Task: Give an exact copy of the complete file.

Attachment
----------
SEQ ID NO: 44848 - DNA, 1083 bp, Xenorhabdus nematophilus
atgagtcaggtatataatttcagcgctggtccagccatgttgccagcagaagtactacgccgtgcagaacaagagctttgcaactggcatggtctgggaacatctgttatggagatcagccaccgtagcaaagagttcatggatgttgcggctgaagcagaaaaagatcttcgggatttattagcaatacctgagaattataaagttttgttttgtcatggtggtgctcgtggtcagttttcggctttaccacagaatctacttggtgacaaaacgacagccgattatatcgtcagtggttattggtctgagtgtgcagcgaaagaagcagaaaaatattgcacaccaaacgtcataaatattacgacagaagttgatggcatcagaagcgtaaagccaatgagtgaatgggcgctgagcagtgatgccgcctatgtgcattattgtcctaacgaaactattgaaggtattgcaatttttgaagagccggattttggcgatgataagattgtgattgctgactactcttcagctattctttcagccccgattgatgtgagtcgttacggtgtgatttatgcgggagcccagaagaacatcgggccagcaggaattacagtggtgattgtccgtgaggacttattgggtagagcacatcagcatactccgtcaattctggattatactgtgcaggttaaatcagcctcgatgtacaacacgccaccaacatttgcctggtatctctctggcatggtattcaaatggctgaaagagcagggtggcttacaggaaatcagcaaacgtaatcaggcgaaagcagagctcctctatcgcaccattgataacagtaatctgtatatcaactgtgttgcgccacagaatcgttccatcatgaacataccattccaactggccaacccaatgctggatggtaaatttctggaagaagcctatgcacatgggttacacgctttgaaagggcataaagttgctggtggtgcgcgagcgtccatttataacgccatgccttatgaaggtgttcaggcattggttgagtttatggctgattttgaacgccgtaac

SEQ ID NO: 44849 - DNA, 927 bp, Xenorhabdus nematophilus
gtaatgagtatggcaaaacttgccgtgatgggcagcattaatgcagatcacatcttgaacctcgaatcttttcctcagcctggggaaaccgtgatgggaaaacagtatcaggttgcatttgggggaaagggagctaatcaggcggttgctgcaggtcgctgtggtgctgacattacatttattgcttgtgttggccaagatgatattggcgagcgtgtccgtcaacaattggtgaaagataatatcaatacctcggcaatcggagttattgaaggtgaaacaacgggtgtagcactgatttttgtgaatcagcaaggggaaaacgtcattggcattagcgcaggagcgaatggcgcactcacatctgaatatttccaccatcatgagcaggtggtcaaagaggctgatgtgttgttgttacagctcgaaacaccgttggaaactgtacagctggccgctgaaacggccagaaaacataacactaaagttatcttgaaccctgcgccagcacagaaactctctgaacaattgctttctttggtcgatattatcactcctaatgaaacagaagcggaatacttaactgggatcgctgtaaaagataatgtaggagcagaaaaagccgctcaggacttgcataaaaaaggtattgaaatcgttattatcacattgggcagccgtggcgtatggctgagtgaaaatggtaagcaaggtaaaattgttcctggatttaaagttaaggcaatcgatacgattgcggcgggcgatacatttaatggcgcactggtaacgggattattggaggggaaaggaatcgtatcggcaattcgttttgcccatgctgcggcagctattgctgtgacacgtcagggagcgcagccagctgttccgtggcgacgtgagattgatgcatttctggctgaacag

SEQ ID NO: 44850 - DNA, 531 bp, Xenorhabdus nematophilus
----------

SEQ ID NO: 44848 - DNA, 1083 bp, Xenorhabdus nematophilus
atgagtcaggtatataatttcagcgctggtccagccatgttgccagcagaagtactacgccgtgcagaacaagagctttgcaactggcatggtctgggaacatctgttatggagatcagccaccgtagcaaagagttcatggatgttgcggctgaagcagaaaaagatcttcgggatttattagcaatacctgagaattataaagttttgttttgtcatggtggtgctcgtggtcagttttcggctttaccacagaatctacttggtgacaaaacgacagccgattatatcgtcagtggttattggtctgagtgtgcagcgaaagaagcagaaaaatattgcacaccaaacgtcataaatattacgacagaagttgatggcatcagaagcgtaaagccaatgagtgaatgggcgctgagcagtgatgccgcctatgtgcattattgtcctaacgaaactattgaaggtattgcaatttttgaagagccggattttggcgatgataagattgtgattgctgactactcttcagctattctttcagccccgattgatgtgagtcgttacggtgtgatttatgcgggagcccagaagaacatcgggccagcaggaattacagtggtgattgtccgtgaggacttattgggtagagcacatcagcatactccgtcaattctggattatactgtgcaggttaaatcagcctcgatgtacaacacgccaccaacatttgcctggtatctctctggcatggtattcaaatggctgaaagagcagggtggcttacaggaaatcagcaaacgtaatcaggcgaaagcagagctcctctatcgcaccattgataacagtaatctgtatatcaactgtgttgcgccacagaatcgttccatcatgaacataccattccaactggccaacccaatgctggatggtaaatttctggaagaagcctatgcacatgggttacacgctttgaaagggcataaagttgctggtggtgcgcgagcgtccatttataacgccatgccttatgaaggtgttcaggcattggttgagtttatggctgattttgaacgccgtaac

SEQ ID NO: 44849 - DNA, 927 bp, Xenorhabdus nematophilus
gtaatgagtatggcaaaacttgccgtgatgggcagcattaatgcagatcacatcttgaacctcgaatcttttcctcagcctggggaaaccgtgatgggaaaacagtatcaggttgcatttgggggaaagggagctaatcaggcggttgctgcaggtcgctgtggtgctgacattacatttattgcttgtgttggccaagatgatattggcgagcgtgtccgtcaacaattggtgaaagataatatcaatacctcggcaatcggagttattgaaggtgaaacaacgggtgtagcactgatttttgtgaatcagcaaggggaaaacgtcattggcattagcgcaggagcgaatggcgcactcacatctgaatatttccaccatcatgagcaggtggtcaaagaggctgatgtgttgttgttacagctcgaaacaccgttggaaactgtacagctggccgctgaaacggccagaaaacataacactaaagttatcttgaaccctgcgccagcacagaaactctctgaacaattgctttctttggtcgatattatcactcctaatgaaacagaagcggaatacttaactgggatcgctgtaaaagataatgtaggagcagaaaaagccgctcaggacttgcataaaaaaggtattgaaatcgttattatcacattgggcagccgtggcgtatggctgagtgaaaatggtaagcaaggtaaaattgttcctggatttaaagttaaggcaatcgatacgattgcggcgggcgatacatttaatggcgcactggtaacgggattattggaggggaaaggaatcgtatcggcaattcgttttgcccatgctgcggcagctattgctgtgacacgtcagggagcgcagccagctgttccgtggcgacgtgagattgatgcatttctggctgaacag

SEQ ID NO: 44850 - DNA, 531 bp, Xenorhabdus nematophilus